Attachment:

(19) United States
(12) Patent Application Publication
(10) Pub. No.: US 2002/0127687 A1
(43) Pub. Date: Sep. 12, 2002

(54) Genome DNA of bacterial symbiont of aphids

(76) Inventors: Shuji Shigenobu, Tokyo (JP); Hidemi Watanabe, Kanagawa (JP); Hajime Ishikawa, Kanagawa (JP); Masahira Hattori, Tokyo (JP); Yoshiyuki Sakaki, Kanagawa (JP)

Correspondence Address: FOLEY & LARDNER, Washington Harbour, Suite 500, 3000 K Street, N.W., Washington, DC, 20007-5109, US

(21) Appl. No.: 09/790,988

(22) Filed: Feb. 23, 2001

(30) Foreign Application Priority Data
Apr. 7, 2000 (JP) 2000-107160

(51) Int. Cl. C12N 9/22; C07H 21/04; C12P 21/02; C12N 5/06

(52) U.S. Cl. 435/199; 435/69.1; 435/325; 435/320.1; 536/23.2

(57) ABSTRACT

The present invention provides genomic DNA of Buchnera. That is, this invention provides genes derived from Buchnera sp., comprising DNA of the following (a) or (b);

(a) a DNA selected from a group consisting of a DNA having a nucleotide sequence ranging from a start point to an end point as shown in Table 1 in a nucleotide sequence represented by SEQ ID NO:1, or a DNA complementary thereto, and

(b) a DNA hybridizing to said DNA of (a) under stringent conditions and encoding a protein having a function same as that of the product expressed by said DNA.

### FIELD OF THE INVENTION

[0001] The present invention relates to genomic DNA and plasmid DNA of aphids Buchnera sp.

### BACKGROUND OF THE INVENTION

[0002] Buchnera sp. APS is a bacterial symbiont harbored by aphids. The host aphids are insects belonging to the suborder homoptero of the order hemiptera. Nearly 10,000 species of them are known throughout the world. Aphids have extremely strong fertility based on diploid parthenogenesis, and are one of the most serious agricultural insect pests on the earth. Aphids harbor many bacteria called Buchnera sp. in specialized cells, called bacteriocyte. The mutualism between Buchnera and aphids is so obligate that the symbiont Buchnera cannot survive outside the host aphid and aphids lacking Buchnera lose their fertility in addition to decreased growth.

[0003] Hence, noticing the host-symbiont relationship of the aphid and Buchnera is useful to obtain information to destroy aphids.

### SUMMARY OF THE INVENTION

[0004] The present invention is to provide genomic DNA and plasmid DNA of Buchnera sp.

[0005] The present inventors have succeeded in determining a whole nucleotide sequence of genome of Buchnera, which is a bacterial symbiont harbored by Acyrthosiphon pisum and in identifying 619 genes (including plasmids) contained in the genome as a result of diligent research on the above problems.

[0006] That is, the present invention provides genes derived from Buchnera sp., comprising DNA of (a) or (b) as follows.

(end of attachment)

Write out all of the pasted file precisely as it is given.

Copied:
(19) United States
(12) Patent Application Publication
(10) Pub. No.: US 2002/0127687 A1
(43) Pub. Date: Sep. 12, 2002

(54) Genome DNA of bacterial symbiont of aphids

(76) Inventors: Shuji Shigenobu, Tokyo (JP); Hidemi Watanabe, Kanagawa (JP); Hajime Ishikawa, Kanagawa (JP); Masahira Hattori, Tokyo (JP); Yoshiyuki Sakaki, Kanagawa (JP)

Correspondence Address: FOLEY & LARDNER, Washington Harbour, Suite 500, 3000 K Street, N.W., Washington, DC, 20007-5109, US

(21) Appl. No.: 09/790,988

(22) Filed: Feb. 23, 2001

(30) Foreign Application Priority Data
Apr. 7, 2000 (JP) 2000-107160

(51) Int. Cl. C12N 9/22; C07H 21/04; C12P 21/02; C12N 5/06

(52) U.S. Cl. 435/199; 435/69.1; 435/325; 435/320.1; 536/23.2

(57) ABSTRACT

The present invention provides genomic DNA of Buchnera. That is, this invention provides genes derived from Buchnera sp., comprising DNA of the following (a) or (b);

(a) a DNA selected from a group consisting of a DNA having a nucleotide sequence ranging from a start point to an end point as shown in Table 1 in a nucleotide sequence represented by SEQ ID NO:1, or a DNA complementary thereto, and

(b) a DNA hybridizing to said DNA of (a) under stringent conditions and encoding a protein having a function same as that of the product expressed by said DNA.

### FIELD OF THE INVENTION

[0001] The present invention relates to genomic DNA and plasmid DNA of aphids Buchnera sp.

### BACKGROUND OF THE INVENTION

[0002] Buchnera sp. APS is a bacterial symbiont harbored by aphids. The host aphids are insects belonging to the suborder homoptero of the order hemiptera. Nearly 10,000 species of them are known throughout the world. Aphids have extremely strong fertility based on diploid parthenogenesis, and are one of the most serious agricultural insect pests on the earth. Aphids harbor many bacteria called Buchnera sp. in specialized cells, called bacteriocyte. The mutualism between Buchnera and aphids is so obligate that the symbiont Buchnera cannot survive outside the host aphid and aphids lacking Buchnera lose their fertility in addition to decreased growth.

[0003] Hence, noticing the host-symbiont relationship of the aphid and Buchnera is useful to obtain information to destroy aphids.

### SUMMARY OF THE INVENTION

[0004] The present invention is to provide genomic DNA and plasmid DNA of Buchnera sp.

[0005] The present inventors have succeeded in determining a whole nucleotide sequence of genome of Buchnera, which is a bacterial symbiont harbored by Acyrthosiphon pisum and in identifying 619 genes (including plasmids) contained in the genome as a result of diligent research on the above problems.

[0006] That is, the present invention provides genes derived from Buchnera sp., comprising DNA of (a) or (b) as follows.